- At UM-StLouis see also: a1toc, cme, i-fzx, phys&astr, programs, stei-lab, & wuzzlers.
- Some current and previous courses: p111, p112, p231, p341, p400.
- Cite/Link:
**http://newton.umsl.edu/~philf/p111f97s.html** - This release dated 25 Aug 1997 (Copyright by Phil Fraundorf 1988-1997)

**A few of the many web resources...**

**...on transforms**

- Kevin Cowtan's
*Book of Fourier*. - Steffen Weber's web-interactive 2D Fourier transform applet.

**...on circuit analysis**

- The OrCAD circuit simulator with downloadable demo.

**...on Fourier transform spectroscopy**

- Photometric's notes on FTIR.
- Widener University notes on FTIR articles.
- Our downloadable visible FTIR simulator program for PC.

**...on diffraction and contrast analysis**

- The Bragg's Law applet by Konstantin Lukin.
- A web tutorial on x-ray and neutron diffraction.
- Steffen Weber's great stuff on transforms, (quasi)crystals, & diffraction.

**...on lenses and wavefield optics**

- Our web-based electron-phase-contrast focus/astigmatism simulator.

**...on propagators**

- Edwin Taylor's web-page
on
*Many-Path Quantum Mechanics*&*Scouting Black Holes*.

**...on Bayesian inference**

- Our web-based notes on computer imaginations.
- Our information-physics page and link collection.

**...on other stuff**

- SUNY-Buffalo Physics 107C Mech&Heat Lecture Notes by R. J. Gonsalves.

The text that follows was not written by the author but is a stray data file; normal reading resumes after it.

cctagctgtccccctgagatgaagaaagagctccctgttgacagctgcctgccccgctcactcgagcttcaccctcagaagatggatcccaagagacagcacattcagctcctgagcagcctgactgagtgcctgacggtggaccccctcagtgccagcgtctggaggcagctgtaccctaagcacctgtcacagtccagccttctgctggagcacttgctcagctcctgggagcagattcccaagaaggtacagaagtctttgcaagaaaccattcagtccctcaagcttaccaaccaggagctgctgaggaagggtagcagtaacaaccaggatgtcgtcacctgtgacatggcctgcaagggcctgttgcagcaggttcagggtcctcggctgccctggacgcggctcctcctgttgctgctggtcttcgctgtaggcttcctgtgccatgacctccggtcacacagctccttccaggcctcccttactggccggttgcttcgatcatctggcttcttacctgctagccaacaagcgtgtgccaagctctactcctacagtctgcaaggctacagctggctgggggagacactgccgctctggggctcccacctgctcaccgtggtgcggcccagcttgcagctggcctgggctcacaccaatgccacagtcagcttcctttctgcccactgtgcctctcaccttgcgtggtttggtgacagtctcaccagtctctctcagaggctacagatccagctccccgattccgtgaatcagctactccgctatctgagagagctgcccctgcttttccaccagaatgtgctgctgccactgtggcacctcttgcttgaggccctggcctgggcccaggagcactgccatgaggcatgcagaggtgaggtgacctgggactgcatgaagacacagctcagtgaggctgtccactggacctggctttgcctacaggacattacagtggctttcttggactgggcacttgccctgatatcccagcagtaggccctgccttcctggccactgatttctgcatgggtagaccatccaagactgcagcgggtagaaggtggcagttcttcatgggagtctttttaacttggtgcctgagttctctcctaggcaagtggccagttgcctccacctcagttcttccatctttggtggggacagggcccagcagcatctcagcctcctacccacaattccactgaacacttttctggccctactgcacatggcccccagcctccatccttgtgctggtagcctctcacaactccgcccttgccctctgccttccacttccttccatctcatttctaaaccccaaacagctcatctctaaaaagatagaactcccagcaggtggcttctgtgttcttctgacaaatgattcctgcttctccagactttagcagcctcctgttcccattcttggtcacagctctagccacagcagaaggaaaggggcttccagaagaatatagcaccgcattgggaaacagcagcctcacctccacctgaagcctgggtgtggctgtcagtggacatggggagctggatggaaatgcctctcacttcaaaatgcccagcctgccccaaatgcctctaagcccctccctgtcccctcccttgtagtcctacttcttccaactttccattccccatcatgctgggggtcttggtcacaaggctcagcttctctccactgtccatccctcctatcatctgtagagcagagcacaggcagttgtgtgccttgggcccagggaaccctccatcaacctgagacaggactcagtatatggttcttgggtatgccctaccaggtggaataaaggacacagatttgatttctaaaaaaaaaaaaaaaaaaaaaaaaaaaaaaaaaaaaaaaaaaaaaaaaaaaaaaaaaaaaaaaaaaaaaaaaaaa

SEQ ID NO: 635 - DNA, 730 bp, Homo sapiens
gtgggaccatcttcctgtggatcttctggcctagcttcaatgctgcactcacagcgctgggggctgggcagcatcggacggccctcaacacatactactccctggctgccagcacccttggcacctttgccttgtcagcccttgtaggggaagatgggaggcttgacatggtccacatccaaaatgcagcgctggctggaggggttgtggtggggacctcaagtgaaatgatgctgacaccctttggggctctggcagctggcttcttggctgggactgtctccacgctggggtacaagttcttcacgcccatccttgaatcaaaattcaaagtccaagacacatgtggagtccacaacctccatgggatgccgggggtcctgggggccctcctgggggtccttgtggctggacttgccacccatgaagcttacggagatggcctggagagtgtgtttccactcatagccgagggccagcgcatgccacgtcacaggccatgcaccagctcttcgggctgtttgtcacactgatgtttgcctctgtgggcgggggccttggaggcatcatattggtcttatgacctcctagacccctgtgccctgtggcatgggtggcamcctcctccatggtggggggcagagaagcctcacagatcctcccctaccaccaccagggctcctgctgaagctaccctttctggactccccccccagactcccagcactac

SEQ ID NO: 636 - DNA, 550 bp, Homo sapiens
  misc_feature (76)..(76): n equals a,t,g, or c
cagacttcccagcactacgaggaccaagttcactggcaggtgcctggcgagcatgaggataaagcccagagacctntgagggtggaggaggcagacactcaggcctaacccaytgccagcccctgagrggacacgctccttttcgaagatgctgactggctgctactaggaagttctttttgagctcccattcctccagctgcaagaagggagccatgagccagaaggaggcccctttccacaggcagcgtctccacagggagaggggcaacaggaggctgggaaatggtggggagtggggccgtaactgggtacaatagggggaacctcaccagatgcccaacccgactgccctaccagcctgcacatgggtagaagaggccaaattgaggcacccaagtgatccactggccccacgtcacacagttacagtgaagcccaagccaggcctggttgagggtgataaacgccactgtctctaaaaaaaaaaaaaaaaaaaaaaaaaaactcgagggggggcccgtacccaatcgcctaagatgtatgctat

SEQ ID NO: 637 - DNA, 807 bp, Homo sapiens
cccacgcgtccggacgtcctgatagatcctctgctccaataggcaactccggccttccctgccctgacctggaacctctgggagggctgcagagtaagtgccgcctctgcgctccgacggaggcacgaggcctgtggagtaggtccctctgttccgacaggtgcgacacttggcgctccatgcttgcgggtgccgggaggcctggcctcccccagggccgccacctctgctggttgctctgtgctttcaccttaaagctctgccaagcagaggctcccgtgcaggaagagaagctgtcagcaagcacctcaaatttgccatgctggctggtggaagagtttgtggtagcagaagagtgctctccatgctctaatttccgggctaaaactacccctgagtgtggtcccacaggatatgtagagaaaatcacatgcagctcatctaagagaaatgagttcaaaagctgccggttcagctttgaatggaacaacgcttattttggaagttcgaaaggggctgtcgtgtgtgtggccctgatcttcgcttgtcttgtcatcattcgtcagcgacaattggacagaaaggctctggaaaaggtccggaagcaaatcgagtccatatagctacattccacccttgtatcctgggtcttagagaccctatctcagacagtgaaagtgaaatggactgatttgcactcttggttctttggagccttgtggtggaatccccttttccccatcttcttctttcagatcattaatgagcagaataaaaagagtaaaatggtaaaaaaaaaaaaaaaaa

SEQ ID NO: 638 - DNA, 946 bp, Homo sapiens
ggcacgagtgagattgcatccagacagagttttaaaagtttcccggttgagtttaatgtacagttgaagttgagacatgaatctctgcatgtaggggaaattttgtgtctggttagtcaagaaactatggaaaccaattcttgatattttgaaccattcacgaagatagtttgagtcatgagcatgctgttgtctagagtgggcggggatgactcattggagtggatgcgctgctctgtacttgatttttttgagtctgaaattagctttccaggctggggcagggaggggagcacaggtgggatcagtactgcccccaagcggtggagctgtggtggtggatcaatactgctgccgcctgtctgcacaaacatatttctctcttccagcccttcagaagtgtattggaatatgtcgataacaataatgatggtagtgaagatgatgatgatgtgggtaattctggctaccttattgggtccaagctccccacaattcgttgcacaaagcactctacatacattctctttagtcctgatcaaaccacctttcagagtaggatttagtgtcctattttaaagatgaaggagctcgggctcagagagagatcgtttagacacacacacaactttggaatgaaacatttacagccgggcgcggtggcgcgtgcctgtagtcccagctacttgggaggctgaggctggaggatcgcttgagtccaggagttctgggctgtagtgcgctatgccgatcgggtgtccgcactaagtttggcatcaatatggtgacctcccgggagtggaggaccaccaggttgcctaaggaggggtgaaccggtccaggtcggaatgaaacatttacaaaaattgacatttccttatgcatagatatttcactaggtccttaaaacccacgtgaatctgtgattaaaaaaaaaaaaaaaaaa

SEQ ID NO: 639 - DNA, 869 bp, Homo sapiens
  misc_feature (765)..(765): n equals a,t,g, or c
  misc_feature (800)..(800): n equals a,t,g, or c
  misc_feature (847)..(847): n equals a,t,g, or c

- Kenny Felder's Math and Physics Help pages.
- Univ. Oregon Student Physics Problems Page
- What is d^3
*x*/d*t*^3? Check**sci.physics**' Frequently Asked Questions. - Contemporary Physics Education Project's Particle Adventure.
- Other physics education links that may be of interest include those at: Yahoo, Quantum, c3p, McGill, ....

**...on the subject matter of this
course...**

**...tools that may prove
useful...**

**...on subjects of more general
interest...**

**Prerequisite:**

**Prof:** Phil Fraundorf 516-5933;
Benton Hall 421 (office)

**Office Hours:** after class and by appointment

**Text:** *Linear Systems, Fourier Transforms, and
Optics*, by Jack D. Gaskill (John Wiley & Sons.
NY, 1978)

**Lectures:** Section E01 TR 6:55-8:10pm Benton Hall
B115.

**Syllabus:
Sequence and Scope**

zeroeth draft, by chapter number...

**2.** *Representing Physical
Quantities w/Math*, to which we add Complex Color
& aTan2.

**3.** *Special Functions*, to which we add
Ray-Tracing, and Image Distortions w/Semper.

**4.** *Harmonic Analysis*, plus stuff on FFT's,
Roughness Spectroscopy, Errors, & **7**,**9**.

**5.** *Operators & Physical Systems*, plus
stuff on electron CTF's & HREM analysis, & **8**.

**6.** *Convolution*, plus stuff on
Interferograms, & Cross-Correlation Displacement
Measures.

**10.** *Optics and Diffraction*, to which we add
Crystallography, Kikuchi Maps, and Darkfield.

**11.** *Images & Coherence*, plus stuff on
Holography & Inferring Background/Surroundings.

*Note*: **7** is on Fourier
Transform Pairs, **8** on Filters, **9** on 2D
convolutions/transforms.

first draft...